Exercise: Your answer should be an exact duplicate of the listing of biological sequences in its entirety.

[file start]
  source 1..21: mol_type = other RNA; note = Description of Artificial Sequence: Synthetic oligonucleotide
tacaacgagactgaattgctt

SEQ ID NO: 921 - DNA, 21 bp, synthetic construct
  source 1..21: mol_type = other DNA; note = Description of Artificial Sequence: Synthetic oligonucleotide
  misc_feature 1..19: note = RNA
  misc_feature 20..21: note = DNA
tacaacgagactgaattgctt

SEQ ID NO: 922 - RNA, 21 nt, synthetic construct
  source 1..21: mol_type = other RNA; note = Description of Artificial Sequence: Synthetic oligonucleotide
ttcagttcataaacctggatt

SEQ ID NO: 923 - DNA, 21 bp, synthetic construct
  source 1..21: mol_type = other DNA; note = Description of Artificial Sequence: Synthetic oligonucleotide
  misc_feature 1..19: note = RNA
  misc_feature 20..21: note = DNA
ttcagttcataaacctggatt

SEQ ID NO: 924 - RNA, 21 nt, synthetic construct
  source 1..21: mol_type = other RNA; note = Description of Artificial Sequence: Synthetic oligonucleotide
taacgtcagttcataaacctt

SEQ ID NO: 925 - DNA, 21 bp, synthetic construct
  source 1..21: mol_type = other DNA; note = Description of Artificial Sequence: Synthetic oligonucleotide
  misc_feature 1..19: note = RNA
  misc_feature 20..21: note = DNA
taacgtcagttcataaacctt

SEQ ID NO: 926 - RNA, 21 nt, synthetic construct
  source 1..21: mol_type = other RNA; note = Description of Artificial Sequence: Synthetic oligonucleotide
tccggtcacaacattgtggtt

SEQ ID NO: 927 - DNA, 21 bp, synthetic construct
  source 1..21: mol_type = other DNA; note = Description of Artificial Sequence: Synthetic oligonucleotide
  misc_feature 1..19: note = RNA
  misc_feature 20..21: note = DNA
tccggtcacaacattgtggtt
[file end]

  source 1..21: mol_type = other RNA; note = Description of Artificial Sequence: Synthetic oligonucleotide
tacaacgagactgaattgctt

SEQ ID NO: 921 - DNA, 21 bp, synthetic construct
  source 1..21: mol_type = other DNA; note = Description of Artificial Sequence: Synthetic oligonucleotide
  misc_feature 1..19: note = RNA
  misc_feature 20..21: note = DNA
tacaacgagactgaattgctt

SEQ ID NO: 922 - RNA, 21 nt, synthetic construct
  source 1..21: mol_type = other RNA; note = Description of Artificial Sequence: Synthetic oligonucleotide
ttcagttcataaacctggatt

SEQ ID NO: 923 - DNA, 21 bp, synthetic construct
  source 1..21: mol_type = other DNA; note = Description of Artificial Sequence: Synthetic oligonucleotide
  misc_feature 1..19: note = RNA
  misc_feature 20..21: note = DNA
ttcagttcataaacctggatt

SEQ ID NO: 924 - RNA, 21 nt, synthetic construct
  source 1..21: mol_type = other RNA; note = Description of Artificial Sequence: Synthetic oligonucleotide
taacgtcagttcataaacctt

SEQ ID NO: 925 - DNA, 21 bp, synthetic construct
  source 1..21: mol_type = other DNA; note = Description of Artificial Sequence: Synthetic oligonucleotide
  misc_feature 1..19: note = RNA
  misc_feature 20..21: note = DNA
taacgtcagttcataaacctt

SEQ ID NO: 926 - RNA, 21 nt, synthetic construct
  source 1..21: mol_type = other RNA; note = Description of Artificial Sequence: Synthetic oligonucleotide
tccggtcacaacattgtggtt

SEQ ID NO: 927 - DNA, 21 bp, synthetic construct
  source 1..21: mol_type = other DNA; note = Description of Artificial Sequence: Synthetic oligonucleotide
  misc_feature 1..19: note = RNA
  misc_feature 20..21: note = DNA
tccggtcacaacattgtggtt